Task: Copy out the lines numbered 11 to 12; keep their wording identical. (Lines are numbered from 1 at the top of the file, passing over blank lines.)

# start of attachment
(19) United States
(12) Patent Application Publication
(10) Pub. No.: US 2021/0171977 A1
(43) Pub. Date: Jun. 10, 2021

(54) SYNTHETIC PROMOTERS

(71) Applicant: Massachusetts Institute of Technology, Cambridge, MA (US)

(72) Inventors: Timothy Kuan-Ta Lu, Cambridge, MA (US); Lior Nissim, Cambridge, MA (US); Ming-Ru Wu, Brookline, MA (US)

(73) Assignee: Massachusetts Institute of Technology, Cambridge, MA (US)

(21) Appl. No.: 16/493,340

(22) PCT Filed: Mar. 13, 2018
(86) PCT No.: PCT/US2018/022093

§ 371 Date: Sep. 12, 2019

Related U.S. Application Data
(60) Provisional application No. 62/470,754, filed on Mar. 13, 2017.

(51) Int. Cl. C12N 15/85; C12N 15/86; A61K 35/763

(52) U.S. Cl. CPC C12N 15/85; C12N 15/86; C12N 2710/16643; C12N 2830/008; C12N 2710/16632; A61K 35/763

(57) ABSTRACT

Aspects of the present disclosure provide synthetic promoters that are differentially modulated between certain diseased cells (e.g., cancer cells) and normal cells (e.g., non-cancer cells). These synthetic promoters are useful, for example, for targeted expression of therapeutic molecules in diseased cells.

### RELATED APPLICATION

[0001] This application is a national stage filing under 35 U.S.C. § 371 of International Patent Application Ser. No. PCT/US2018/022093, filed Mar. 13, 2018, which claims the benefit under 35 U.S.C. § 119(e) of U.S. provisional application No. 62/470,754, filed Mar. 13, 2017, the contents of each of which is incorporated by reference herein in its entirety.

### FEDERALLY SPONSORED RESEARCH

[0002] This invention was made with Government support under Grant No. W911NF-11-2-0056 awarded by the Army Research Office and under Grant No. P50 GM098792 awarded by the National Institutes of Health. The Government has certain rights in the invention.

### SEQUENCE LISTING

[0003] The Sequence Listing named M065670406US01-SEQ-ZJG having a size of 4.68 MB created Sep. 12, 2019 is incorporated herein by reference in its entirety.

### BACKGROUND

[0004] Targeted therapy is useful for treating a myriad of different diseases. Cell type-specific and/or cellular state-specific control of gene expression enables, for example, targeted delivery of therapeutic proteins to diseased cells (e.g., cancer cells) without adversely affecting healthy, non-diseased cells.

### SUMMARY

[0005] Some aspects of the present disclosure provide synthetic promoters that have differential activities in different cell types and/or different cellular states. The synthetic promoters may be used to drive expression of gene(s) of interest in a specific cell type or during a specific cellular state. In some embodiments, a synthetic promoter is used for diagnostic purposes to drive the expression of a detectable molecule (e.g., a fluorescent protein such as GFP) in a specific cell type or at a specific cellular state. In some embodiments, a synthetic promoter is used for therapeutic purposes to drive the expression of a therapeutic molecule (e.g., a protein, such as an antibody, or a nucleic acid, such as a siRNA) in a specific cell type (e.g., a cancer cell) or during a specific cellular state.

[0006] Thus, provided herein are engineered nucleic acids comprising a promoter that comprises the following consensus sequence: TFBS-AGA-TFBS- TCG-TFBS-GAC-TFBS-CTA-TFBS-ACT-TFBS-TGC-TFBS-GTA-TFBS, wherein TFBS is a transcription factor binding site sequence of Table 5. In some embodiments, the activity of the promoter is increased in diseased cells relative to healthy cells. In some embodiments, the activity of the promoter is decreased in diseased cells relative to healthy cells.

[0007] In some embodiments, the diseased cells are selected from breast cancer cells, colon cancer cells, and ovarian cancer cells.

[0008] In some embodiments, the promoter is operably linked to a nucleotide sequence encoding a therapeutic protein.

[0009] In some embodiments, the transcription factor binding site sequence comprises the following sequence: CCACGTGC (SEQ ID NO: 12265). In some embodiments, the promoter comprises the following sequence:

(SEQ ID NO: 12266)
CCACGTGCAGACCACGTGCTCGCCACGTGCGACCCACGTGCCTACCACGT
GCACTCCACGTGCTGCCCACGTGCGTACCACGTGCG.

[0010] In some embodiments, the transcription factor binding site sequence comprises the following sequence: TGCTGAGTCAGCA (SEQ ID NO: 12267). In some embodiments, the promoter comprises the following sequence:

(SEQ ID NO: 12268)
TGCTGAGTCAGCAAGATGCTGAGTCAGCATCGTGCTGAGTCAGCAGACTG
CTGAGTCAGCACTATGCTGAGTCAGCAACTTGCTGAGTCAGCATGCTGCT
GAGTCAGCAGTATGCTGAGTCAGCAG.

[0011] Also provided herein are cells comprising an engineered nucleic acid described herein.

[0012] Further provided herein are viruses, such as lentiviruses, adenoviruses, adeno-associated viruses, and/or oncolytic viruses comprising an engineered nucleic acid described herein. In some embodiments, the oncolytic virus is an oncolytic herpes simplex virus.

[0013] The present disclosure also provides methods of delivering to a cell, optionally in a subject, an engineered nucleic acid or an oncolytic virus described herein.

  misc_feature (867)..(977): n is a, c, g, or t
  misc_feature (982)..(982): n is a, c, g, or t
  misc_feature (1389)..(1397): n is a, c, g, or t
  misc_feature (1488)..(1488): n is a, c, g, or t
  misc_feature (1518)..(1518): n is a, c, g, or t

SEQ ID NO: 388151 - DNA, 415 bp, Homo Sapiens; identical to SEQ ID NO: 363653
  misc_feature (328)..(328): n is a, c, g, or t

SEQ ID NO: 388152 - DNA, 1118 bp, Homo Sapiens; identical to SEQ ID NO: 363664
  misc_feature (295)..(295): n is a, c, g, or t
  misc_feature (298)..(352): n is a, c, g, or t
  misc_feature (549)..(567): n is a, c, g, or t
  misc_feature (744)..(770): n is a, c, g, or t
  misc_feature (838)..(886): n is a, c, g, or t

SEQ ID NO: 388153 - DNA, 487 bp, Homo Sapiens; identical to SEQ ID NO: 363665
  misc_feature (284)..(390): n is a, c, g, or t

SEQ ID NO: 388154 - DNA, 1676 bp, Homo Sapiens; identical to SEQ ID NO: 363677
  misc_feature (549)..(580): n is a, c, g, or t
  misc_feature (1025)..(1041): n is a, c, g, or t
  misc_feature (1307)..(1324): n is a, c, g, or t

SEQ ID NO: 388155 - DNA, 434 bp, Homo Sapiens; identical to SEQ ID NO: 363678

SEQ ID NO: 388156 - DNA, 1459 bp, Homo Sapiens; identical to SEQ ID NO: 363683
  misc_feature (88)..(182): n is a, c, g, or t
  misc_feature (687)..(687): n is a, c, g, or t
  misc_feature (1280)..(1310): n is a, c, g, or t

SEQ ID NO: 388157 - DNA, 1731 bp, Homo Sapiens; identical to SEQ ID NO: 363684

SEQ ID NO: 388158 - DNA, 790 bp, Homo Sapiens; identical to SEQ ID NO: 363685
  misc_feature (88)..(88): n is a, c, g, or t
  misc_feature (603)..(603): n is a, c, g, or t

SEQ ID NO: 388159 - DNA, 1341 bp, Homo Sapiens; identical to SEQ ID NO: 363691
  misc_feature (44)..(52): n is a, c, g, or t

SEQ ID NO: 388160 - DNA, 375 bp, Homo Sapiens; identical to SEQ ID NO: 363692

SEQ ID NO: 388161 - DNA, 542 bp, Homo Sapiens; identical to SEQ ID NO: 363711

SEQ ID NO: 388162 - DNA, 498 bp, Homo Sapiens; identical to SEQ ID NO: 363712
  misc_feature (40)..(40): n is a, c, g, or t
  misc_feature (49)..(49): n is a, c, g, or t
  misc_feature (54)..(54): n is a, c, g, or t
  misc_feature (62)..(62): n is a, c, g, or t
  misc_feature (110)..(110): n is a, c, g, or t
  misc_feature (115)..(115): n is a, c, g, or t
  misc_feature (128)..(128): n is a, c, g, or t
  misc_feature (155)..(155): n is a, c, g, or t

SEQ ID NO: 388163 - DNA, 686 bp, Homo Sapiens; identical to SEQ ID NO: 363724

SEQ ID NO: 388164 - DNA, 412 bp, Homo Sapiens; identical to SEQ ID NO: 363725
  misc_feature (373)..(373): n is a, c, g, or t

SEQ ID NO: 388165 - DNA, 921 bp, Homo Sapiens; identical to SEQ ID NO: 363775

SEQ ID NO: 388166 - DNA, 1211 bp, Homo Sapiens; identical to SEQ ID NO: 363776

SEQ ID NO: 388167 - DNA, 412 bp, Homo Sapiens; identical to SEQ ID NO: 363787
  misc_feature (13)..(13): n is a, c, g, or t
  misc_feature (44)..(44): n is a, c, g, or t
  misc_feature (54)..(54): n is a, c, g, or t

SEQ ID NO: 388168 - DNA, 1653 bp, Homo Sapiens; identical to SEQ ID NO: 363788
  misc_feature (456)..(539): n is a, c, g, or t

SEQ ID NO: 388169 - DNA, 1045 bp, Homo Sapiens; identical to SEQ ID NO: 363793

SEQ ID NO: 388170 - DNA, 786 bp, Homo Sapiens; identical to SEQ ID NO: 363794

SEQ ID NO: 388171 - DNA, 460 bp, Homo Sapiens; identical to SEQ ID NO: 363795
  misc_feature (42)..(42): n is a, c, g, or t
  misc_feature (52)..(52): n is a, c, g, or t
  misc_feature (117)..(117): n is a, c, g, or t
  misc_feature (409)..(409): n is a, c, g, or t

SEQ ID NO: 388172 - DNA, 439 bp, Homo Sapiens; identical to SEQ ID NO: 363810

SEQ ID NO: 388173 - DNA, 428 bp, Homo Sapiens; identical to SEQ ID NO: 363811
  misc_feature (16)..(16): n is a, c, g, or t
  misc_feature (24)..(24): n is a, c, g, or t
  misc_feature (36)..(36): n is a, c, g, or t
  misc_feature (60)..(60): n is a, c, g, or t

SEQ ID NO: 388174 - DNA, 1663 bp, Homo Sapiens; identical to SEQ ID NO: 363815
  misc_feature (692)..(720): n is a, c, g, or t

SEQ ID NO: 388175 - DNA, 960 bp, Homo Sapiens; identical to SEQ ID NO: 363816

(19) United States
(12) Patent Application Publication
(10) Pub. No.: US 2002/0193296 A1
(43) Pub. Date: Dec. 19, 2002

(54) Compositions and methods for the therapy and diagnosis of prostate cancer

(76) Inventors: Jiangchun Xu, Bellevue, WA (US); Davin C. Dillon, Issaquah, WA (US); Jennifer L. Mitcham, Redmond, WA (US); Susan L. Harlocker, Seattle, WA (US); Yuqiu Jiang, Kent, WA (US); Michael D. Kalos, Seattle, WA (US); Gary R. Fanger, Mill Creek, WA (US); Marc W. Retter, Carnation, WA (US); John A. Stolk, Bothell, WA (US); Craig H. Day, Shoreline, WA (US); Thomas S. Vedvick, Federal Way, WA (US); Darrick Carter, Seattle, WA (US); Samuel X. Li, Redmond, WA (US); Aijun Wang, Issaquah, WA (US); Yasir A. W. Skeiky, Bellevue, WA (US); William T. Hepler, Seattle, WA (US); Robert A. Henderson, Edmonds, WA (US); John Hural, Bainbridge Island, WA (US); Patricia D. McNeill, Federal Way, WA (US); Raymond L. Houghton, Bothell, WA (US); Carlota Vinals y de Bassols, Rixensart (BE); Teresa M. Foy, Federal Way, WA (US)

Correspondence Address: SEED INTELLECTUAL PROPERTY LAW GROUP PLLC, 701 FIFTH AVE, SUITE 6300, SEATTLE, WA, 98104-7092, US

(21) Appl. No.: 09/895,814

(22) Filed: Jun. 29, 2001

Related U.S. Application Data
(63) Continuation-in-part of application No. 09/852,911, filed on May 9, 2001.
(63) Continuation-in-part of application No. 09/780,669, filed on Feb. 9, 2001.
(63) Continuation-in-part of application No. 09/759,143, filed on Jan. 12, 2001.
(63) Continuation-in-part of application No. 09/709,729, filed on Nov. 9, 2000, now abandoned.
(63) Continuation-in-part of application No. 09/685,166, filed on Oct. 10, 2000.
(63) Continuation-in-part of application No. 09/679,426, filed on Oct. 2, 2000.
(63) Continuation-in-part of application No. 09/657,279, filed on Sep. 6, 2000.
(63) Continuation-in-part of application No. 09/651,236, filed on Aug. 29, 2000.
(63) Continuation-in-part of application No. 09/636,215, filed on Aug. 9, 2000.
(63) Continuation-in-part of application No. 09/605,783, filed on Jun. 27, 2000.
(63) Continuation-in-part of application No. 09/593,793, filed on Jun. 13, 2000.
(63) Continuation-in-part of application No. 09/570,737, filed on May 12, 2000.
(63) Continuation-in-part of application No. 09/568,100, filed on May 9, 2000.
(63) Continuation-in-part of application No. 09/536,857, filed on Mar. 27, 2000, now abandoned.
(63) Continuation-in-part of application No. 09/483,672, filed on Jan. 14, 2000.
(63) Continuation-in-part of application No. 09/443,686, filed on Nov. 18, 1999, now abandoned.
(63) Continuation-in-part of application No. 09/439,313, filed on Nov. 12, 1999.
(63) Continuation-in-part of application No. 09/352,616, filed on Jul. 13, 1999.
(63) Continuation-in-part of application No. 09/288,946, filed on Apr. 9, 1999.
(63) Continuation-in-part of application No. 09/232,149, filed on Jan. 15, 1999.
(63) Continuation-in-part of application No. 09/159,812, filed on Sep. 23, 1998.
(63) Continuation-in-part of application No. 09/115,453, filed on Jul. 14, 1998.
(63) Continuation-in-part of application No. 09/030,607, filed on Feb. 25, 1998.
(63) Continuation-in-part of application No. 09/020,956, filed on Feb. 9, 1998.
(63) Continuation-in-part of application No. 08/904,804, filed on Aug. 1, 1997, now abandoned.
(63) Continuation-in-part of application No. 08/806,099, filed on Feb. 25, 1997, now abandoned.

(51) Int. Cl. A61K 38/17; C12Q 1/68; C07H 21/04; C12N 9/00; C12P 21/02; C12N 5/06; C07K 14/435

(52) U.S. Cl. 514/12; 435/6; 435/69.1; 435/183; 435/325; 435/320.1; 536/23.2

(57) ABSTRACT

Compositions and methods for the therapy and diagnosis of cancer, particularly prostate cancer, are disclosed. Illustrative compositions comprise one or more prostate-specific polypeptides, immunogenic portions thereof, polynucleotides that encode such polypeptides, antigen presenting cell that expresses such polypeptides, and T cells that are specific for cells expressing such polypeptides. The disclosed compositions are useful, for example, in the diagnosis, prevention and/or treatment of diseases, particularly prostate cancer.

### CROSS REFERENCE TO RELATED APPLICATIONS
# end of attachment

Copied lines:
(86) PCT No.: PCT/US2018/022093

§ 371 Date: Sep. 12, 2019